Not remotely - I'm currently using 20kg for the GSQ & halos; I could happily go higher with the GSQ (prying), both for hip flexion and the curls; I'm less keen in principle on my using more than 20kg for halos but at the same time I'd rather not have to muck around with too many different weights in one session (20, 28 & 32 at the moment - and I think 3 is sufficient to have in the way at any one time). Conflicting requirements is all.

As always, YMMV. What works - or doesn't - for me is not an indicator that it should or should not for someone else.
 
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NormanOsborn

Level 5 Valued Member
I started S&S I think back in February of 2016 after buying some kettlebells and the S&S book. I soon thereafter found the website and have been obsessed ever since. I missed about a year and a half total of regular S&S training however due to some injuries; the 16kg kettlebell was critical in recovering from the injuries. Every year-ish I write some kind of update on the forum of what I've learned and where I am now in my thoughts about S&S, kettlebells and fitness. I've gotten some new ideas so I'm writing this one now. In no specific order:

1. The Simple target with the 32kg bell is a target for a reason! If you are doing this regularly then you are VERY STRONG! The virtual weight of the 32kg bell is about 100kg! That means you're swinging your own bodyweight in just one arm! That's ridiculous! Going past Simple to 36kg or 40 or even 48 for some few blessed individuals is super impressive, but nobody should feel anything but exhilaration and pride at attaining and maintaining S&S with the 32kg bell! Simple is STRONG! With Simple I can do crazy things I could never handle before without hurting myself!

2. I finally broke down and purchased a "mid-way" bell (the 28kg) yesterday. I really liked my S&S workout with it today. It is obviously going to be smoother and easier if you progress by 4kg increments rather than by 8kg, and you might find your ultimate "maintenance weight" to be one of those increments (I might discover the 36kg for instance as my eventual "workhorse" S&S bell.) Nothing wrong with 4kg increments! This shouldn't be an issue. They're in the new S&S 2.0 book too!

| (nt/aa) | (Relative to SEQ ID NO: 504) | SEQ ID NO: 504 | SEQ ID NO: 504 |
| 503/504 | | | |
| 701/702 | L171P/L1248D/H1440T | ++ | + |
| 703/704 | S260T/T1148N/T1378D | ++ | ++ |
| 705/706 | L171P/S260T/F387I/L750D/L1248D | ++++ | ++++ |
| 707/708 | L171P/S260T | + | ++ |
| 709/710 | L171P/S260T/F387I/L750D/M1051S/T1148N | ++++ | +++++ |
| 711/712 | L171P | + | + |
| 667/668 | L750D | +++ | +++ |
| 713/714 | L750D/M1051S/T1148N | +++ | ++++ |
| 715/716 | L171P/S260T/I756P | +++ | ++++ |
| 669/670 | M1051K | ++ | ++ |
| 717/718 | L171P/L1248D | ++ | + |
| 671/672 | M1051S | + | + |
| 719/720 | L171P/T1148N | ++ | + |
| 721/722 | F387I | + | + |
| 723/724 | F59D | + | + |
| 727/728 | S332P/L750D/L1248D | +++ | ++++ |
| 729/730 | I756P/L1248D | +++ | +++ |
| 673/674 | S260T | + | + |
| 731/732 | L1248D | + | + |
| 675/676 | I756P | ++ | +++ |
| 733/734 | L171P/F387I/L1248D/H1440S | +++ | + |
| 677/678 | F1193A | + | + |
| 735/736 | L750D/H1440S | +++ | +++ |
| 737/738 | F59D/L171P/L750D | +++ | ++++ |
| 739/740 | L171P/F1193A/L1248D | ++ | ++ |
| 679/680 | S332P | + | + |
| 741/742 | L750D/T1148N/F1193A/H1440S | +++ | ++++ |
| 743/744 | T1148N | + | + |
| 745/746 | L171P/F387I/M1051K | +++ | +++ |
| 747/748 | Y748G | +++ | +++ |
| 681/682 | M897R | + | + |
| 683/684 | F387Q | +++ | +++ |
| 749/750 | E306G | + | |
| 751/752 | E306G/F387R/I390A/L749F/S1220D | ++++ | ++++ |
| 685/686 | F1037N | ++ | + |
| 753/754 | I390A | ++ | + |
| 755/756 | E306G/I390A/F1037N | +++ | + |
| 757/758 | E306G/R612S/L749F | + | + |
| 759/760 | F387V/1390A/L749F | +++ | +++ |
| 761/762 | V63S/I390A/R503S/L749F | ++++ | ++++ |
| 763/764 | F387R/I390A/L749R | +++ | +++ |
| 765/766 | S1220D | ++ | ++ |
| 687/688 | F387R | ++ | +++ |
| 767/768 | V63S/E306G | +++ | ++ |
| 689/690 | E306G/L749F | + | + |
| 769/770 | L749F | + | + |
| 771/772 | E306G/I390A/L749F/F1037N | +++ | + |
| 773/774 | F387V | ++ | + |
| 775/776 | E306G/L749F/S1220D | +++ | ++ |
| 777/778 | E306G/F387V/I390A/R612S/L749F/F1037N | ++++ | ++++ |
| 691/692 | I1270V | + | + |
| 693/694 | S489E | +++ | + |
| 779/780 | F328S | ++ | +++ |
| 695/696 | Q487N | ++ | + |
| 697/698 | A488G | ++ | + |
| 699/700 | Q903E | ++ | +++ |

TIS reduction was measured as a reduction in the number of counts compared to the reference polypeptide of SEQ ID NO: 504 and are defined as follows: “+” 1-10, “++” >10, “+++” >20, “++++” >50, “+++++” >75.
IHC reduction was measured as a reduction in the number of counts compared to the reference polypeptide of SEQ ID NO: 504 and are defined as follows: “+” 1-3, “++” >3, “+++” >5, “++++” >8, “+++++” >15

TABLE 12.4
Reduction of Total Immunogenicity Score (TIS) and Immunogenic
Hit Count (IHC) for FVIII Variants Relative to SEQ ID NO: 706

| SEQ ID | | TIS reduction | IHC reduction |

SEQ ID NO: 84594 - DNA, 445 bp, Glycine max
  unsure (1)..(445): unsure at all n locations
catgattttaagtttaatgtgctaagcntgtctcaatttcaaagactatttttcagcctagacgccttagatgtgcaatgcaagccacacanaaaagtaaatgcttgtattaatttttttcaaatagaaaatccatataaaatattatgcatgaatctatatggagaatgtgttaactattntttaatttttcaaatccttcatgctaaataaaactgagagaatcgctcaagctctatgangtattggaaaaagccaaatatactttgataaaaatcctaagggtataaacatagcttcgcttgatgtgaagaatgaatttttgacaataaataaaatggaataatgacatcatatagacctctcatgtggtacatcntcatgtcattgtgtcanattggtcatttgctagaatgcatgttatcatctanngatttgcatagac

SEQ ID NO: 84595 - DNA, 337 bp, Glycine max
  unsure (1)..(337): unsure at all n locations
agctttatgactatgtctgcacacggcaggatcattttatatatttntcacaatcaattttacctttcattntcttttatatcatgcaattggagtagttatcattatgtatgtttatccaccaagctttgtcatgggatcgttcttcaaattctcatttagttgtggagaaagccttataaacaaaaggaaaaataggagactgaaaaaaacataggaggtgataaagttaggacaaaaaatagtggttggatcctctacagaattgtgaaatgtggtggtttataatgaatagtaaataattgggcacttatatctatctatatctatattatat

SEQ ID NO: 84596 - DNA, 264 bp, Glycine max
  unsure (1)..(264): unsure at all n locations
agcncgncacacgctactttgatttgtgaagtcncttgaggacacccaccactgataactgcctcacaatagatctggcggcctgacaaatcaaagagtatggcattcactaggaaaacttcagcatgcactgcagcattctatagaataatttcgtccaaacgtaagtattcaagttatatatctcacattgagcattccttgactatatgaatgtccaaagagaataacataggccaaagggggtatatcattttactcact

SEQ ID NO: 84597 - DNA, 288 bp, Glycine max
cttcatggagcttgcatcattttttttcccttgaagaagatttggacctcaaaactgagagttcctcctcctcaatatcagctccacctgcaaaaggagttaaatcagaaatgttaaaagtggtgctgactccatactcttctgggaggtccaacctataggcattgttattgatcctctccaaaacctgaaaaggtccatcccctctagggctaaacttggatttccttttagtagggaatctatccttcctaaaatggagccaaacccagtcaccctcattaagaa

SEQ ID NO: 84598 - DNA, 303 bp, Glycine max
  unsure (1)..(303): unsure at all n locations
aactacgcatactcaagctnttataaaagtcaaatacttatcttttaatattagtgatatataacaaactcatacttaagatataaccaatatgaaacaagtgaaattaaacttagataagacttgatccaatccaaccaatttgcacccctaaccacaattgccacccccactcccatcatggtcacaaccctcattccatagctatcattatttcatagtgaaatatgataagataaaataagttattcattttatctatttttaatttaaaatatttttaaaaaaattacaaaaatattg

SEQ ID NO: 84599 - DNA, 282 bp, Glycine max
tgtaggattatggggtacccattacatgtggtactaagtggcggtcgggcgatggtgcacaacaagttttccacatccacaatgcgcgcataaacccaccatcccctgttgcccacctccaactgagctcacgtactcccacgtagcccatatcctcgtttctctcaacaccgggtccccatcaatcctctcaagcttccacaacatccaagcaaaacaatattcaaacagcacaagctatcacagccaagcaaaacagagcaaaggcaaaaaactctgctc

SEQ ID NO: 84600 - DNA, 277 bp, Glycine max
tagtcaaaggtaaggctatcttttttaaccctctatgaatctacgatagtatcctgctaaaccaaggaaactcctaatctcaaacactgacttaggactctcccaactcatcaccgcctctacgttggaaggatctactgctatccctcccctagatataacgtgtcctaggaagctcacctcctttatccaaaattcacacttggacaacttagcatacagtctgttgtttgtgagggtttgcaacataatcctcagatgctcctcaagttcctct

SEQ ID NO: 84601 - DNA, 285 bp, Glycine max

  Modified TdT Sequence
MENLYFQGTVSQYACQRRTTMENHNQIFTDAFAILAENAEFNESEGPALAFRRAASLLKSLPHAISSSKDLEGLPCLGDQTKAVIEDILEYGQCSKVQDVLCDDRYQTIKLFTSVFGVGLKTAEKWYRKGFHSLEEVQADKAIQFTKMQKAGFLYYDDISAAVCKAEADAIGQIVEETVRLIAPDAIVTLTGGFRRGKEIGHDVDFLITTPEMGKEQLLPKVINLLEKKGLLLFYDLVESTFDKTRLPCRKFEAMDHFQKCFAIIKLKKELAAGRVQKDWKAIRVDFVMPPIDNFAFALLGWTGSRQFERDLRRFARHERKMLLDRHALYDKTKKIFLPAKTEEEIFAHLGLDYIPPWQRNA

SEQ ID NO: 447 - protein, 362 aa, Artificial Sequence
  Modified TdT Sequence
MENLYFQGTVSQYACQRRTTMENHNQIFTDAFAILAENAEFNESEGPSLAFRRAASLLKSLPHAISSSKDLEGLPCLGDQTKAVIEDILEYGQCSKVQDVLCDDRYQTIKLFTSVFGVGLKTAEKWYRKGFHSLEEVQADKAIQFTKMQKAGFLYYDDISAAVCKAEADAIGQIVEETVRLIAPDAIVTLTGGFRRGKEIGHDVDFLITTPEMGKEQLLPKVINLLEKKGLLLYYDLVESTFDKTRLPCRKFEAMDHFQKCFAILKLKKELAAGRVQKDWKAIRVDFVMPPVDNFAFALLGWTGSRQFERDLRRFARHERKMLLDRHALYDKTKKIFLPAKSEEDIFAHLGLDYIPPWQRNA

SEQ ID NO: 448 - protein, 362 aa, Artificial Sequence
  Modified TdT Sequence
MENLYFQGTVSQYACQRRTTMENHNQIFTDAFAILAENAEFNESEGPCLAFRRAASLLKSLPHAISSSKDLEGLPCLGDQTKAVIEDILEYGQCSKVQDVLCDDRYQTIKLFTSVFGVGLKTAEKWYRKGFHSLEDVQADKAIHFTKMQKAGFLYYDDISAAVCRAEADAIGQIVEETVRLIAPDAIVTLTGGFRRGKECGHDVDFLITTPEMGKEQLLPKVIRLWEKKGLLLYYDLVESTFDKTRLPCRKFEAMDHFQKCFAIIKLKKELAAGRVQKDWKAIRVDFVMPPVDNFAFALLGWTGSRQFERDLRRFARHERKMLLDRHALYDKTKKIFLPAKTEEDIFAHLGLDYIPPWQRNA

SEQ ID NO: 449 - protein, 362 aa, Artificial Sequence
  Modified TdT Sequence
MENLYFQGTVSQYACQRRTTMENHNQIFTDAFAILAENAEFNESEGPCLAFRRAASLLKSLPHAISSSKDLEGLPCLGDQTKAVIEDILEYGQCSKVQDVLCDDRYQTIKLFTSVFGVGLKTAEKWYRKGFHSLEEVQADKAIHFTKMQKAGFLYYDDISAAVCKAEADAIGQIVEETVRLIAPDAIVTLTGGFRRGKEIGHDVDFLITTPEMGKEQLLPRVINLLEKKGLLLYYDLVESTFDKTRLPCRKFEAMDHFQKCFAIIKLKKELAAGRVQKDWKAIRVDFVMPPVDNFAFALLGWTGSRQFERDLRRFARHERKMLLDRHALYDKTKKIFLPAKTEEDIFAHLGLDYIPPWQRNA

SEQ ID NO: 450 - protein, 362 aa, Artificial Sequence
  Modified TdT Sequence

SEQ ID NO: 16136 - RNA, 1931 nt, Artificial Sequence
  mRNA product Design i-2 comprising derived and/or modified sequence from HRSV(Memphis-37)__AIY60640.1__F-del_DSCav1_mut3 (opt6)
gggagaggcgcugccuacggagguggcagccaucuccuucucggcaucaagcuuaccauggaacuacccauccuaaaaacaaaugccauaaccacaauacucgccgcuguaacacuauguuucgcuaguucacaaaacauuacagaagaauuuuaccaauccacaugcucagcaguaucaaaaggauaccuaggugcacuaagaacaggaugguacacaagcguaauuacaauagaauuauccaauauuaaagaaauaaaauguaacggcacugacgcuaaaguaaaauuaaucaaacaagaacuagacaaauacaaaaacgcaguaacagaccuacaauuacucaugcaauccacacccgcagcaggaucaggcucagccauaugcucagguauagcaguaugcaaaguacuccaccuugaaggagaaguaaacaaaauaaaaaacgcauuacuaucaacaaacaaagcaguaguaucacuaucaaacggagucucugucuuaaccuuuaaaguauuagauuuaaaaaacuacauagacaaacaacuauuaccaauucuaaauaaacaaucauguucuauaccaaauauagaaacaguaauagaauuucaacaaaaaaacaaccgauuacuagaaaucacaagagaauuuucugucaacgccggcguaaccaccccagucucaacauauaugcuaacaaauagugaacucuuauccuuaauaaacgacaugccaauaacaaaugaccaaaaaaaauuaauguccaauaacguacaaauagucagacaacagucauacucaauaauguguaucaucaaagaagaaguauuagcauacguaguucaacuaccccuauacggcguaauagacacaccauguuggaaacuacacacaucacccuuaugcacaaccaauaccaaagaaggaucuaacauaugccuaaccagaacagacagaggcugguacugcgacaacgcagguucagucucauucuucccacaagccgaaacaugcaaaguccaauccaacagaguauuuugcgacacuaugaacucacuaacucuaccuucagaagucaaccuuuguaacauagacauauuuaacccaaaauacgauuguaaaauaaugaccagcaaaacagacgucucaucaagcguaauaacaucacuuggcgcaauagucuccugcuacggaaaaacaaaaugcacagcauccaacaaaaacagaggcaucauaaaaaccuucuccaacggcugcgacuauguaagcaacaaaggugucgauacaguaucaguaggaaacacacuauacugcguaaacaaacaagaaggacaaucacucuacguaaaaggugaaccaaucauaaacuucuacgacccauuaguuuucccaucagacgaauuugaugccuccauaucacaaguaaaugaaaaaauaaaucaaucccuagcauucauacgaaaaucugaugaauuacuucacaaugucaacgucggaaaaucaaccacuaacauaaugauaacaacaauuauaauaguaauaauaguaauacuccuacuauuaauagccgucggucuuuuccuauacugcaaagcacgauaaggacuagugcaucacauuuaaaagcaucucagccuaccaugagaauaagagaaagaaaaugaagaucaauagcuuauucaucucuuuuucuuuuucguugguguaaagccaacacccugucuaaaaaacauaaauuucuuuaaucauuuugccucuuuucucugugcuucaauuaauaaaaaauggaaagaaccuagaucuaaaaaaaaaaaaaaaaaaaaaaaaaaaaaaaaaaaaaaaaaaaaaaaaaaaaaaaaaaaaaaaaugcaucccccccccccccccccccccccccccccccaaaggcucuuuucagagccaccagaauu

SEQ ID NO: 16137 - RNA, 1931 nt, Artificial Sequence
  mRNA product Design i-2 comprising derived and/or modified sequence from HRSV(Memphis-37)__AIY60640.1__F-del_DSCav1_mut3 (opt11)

3. Everything is indeed in the S&S 2.0 book. They've worked on this in some way or another for over 20 years. The S&S programme has been under huge public scrutiny for about a decade also, let alone Pavel's work in general since the start. The book has it all. Trust the book! 2.0 though... The first book is far surpassed by the second. If you don't have it yet you HAVE TO get it if you love S&S!

4. 1 handed swings make a very fine primary exercise to base my training around! They cover almost everything in the body. What they miss the TGU fills in the gaps for (and to some lesser extent the warmup goblet squats). It's the 1h swings though that are by far the more important of the two moves.

5. The goblet squats are important! They are exactly what the book says they are - a warmup. However, the goblet curls are strength building moves, explicitly said so in the book. If you can't or won't do 3 sets of 5 goblet squats then why not? I had to ask myself this question and got no satisfactory answer from myself. I'll trust Pavel and do the goblet squats! Keep in mind that they are the one fully symmetrical exercise out of the three! This is again a nice "warmup" to balance the body with before challenging it to separate itself apart with the anti-twist qualities of the 1 handed swings and getups!

6. The strength and conditioning carry over of S&S to other athletic pursuits is remarkable!

7. Don't be afraid to go light when you're not feeling strong! Going light is still progress. Going nothing is not progress.

8. The TGU is more about filling in the gaps in your strength than anything else. It strengthens the awkward natural movements we make when turning, shifting, angling. The TGU strengthens especially the weak links in your strength chain! While it's worth 20% of your strength only, without this 20% you could collapse given the wrong angle of force!

9. If you are finding S&S boring or annoying then GO DOWN A WEIGHT LEVEL! Do not fear light weights!

10. You don't need other moves. However, I think it is sensible and good to train other moves (like chinups, dips, presses etc...) to some extent because an athlete should be able to do anything needed. Even if S&S is the base, it needs to be the base of SOMETHING, and if you never train anything else, what is it the base for, what is that SOMETHING? The book is all about pursuing other forms of supplementary athletics - hiking, combat arts, barbell lifting etc... I go for several hikes/walks a week of at least 75 minutes a session, train kendo and judo...

11. The TGU is so important to grapplers because we are going to take you apart based on the weak links in your strength chain, and the TGU seals them for you leaving us nowhere to exploit!

12. I think both heavy and light days are sensible for S&S, as the book says. What weights you use for these can vary. 32kg is the target to maintain once acquired. For right now my heavy days are with the 32 and my light ones are going to be with the 28 (the 24 was just too light for me, I weigh 105 kg.)

13. S&S DOES give you a model-like physique! Strong is strong and strong is beautiful!

14. Keep your very light kettlebells! I've used the 16kg bells a lot while recovering from injuries! Without them I would never have gotten my strength back!

15. S&S makes your legs strong and well-conditioned. I'm someone who relies on his legs for my combat sports and for hiking. I definitely lost strength in my legs when taking time off S&S. While training S&S I feel like I'm gliding along doing kendo or judo footwork, or speedwalking. S&S makes leg work feel more like flying than anything else!

Excellent post. But I have to ask: where do you get the virtual weight of a one-handed 32 kettlebell swing being 100kg?